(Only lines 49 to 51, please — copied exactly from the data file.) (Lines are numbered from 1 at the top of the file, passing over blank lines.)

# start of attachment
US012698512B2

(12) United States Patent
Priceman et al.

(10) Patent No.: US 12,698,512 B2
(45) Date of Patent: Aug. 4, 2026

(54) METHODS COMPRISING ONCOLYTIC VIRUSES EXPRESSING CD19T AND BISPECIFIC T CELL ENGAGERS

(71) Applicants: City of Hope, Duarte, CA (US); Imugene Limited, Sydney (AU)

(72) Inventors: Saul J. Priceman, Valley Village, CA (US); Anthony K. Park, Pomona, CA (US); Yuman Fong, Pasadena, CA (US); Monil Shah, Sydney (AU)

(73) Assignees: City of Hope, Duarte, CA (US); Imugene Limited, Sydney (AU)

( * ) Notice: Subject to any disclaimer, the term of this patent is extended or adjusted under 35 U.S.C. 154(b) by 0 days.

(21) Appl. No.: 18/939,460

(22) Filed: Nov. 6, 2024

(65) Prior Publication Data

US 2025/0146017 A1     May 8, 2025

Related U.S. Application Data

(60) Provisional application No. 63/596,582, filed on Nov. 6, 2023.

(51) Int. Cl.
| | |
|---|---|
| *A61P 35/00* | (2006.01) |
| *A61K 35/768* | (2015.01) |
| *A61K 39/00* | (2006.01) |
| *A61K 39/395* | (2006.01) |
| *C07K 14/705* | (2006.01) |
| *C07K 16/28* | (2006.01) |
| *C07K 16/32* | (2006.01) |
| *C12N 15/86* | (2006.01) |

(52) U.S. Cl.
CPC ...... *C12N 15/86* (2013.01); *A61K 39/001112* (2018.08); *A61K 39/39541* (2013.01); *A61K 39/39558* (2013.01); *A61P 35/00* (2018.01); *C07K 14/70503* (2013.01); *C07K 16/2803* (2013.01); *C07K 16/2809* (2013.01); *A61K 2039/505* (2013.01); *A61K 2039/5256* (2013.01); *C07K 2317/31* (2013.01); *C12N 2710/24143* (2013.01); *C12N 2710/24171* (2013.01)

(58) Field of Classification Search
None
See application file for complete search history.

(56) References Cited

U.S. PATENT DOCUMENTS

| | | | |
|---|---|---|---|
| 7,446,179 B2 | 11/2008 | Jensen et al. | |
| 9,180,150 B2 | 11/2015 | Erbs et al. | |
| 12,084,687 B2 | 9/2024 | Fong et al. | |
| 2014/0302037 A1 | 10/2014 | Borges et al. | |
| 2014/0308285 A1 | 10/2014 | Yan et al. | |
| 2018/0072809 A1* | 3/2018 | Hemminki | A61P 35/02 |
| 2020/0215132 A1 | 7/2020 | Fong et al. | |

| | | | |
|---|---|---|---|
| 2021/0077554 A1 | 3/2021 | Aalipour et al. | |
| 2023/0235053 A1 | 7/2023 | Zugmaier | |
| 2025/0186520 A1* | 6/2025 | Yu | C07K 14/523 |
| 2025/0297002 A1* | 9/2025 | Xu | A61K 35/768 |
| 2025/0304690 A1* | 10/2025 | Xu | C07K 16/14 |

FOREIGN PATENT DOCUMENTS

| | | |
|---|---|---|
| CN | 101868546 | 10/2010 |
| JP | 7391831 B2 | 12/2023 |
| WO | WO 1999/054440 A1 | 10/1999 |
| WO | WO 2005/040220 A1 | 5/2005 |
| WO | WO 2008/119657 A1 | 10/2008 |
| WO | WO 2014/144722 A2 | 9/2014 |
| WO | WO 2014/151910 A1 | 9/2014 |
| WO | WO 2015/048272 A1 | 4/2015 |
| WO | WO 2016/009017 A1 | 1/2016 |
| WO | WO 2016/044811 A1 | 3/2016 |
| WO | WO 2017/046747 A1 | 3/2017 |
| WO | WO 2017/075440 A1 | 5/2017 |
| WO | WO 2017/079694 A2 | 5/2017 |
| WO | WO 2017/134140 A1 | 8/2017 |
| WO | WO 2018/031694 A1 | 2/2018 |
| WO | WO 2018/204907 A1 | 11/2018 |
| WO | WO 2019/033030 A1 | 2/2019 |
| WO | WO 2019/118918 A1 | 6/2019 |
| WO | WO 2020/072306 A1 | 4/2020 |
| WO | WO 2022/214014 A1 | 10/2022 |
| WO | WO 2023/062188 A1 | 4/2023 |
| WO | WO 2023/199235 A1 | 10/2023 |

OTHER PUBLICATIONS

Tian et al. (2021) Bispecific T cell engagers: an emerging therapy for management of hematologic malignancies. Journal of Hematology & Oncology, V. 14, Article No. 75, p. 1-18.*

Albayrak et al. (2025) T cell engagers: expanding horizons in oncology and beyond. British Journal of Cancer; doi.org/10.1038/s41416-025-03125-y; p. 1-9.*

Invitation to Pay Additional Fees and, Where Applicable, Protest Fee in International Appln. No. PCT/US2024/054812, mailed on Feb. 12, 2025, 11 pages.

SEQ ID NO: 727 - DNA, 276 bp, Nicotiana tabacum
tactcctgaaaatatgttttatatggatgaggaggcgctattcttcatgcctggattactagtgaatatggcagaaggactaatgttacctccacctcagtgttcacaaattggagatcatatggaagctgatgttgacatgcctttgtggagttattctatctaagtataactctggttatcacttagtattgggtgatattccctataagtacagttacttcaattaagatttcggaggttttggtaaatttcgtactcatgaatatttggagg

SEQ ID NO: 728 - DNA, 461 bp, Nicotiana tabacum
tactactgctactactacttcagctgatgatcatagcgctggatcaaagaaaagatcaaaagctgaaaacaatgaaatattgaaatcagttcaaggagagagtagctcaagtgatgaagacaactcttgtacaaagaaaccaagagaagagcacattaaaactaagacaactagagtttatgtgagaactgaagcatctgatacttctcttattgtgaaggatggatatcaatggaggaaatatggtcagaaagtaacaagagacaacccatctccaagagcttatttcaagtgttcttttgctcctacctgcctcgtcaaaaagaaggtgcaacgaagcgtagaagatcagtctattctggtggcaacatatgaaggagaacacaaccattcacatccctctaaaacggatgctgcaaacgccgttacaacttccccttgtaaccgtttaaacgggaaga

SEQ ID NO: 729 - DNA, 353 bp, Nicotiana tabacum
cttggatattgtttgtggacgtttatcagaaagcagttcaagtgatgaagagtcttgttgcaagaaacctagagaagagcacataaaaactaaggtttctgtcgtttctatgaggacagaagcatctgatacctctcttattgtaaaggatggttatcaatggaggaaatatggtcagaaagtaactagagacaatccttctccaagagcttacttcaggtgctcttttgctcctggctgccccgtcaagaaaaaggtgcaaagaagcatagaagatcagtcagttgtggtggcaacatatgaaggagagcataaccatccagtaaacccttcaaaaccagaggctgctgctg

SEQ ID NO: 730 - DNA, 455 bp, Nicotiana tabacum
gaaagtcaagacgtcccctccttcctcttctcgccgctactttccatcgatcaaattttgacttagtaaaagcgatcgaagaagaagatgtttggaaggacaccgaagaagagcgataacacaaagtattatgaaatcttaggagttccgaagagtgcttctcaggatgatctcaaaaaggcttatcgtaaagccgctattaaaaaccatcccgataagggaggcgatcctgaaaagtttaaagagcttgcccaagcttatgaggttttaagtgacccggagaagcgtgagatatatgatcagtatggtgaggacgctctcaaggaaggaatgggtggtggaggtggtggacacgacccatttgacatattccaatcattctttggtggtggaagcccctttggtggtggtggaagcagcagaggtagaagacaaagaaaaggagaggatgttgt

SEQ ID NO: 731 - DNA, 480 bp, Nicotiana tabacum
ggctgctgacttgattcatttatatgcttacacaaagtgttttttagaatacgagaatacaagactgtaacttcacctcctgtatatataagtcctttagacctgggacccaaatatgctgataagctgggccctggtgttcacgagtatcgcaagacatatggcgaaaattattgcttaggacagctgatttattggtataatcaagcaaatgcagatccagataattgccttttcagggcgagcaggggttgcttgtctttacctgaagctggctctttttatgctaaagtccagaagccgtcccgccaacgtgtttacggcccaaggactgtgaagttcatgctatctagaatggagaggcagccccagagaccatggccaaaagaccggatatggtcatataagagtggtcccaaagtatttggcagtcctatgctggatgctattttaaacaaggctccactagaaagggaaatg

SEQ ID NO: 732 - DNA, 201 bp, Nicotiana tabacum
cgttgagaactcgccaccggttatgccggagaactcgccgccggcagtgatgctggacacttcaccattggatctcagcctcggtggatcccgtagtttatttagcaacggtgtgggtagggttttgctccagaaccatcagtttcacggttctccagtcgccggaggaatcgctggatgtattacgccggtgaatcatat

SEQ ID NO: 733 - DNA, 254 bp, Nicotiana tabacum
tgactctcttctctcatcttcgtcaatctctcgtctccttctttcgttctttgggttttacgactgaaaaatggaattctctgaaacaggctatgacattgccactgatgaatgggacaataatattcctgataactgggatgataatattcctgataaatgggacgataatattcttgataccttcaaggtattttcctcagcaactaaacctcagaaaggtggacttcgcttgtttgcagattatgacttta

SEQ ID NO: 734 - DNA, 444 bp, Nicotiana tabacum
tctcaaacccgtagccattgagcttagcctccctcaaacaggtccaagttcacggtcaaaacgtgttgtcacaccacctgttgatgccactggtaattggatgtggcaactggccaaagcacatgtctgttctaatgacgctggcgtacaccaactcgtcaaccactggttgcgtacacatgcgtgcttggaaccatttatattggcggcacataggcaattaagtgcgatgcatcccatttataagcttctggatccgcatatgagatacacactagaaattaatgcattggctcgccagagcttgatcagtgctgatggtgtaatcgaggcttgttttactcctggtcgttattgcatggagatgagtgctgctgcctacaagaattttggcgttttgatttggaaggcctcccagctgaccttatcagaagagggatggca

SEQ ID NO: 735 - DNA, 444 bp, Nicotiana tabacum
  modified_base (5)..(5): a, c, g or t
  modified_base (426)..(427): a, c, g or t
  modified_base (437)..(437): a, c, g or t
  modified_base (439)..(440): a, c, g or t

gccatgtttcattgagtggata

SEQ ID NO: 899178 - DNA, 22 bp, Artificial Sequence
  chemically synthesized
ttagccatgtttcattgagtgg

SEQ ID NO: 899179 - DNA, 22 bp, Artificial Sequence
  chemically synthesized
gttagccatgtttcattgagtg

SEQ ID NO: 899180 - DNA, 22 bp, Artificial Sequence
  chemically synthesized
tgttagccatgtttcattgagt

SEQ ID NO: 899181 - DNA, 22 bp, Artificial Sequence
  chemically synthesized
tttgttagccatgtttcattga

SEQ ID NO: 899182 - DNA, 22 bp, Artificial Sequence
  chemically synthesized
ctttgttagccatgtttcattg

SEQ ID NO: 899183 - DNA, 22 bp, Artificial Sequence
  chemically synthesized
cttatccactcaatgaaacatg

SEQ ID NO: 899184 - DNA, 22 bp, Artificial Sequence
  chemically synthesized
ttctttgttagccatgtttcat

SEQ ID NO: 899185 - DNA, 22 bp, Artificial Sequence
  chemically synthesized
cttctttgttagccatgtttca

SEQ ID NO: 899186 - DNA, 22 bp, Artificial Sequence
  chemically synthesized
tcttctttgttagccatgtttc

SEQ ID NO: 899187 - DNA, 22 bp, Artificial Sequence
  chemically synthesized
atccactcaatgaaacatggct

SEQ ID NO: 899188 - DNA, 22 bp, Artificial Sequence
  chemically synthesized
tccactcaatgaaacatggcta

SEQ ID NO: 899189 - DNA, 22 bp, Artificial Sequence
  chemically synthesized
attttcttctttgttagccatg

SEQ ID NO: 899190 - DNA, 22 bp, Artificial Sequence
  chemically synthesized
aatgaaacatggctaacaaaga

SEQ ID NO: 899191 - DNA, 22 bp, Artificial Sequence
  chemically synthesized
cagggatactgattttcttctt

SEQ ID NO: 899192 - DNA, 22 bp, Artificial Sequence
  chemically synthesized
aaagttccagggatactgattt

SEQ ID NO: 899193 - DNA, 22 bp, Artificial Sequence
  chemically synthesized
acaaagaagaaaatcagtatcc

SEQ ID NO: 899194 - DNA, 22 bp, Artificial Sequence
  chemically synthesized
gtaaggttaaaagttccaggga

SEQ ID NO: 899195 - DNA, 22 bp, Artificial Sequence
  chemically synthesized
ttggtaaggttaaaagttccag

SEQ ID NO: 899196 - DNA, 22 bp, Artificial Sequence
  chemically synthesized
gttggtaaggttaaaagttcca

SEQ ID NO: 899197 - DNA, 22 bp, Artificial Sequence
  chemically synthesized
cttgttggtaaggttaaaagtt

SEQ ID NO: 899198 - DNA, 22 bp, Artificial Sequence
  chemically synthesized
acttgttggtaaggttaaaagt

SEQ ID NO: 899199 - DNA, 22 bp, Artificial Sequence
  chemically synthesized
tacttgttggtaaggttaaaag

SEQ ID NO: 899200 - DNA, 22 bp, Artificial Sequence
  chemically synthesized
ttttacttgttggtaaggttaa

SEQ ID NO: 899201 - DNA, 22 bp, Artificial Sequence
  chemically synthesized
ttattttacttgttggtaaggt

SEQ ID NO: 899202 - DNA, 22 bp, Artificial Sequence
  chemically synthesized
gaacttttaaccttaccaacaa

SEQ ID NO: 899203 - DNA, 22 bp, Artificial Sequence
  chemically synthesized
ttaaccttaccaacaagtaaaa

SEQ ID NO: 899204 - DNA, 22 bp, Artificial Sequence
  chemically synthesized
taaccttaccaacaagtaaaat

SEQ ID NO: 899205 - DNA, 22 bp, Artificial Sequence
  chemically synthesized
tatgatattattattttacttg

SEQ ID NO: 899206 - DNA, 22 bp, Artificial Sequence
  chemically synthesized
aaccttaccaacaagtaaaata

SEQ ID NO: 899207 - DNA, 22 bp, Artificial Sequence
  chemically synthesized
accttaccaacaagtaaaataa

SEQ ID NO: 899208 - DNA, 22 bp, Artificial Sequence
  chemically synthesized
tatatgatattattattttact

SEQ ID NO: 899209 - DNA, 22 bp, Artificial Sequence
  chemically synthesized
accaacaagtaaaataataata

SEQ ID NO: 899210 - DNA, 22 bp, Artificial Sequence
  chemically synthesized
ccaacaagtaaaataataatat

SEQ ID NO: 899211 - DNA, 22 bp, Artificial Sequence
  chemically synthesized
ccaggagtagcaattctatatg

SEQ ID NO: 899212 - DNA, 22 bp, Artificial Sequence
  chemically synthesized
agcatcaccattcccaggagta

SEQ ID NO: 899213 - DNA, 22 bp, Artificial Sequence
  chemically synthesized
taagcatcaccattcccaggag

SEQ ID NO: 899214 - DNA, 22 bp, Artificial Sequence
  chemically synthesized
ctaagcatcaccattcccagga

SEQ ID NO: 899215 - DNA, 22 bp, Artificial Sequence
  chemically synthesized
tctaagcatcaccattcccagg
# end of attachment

| 2025/0297002 A1* | 9/2025 | Xu | A61K 35/768 |
| 2025/0304690 A1* | 10/2025 | Xu | C07K 16/14 |

FOREIGN PATENT DOCUMENTS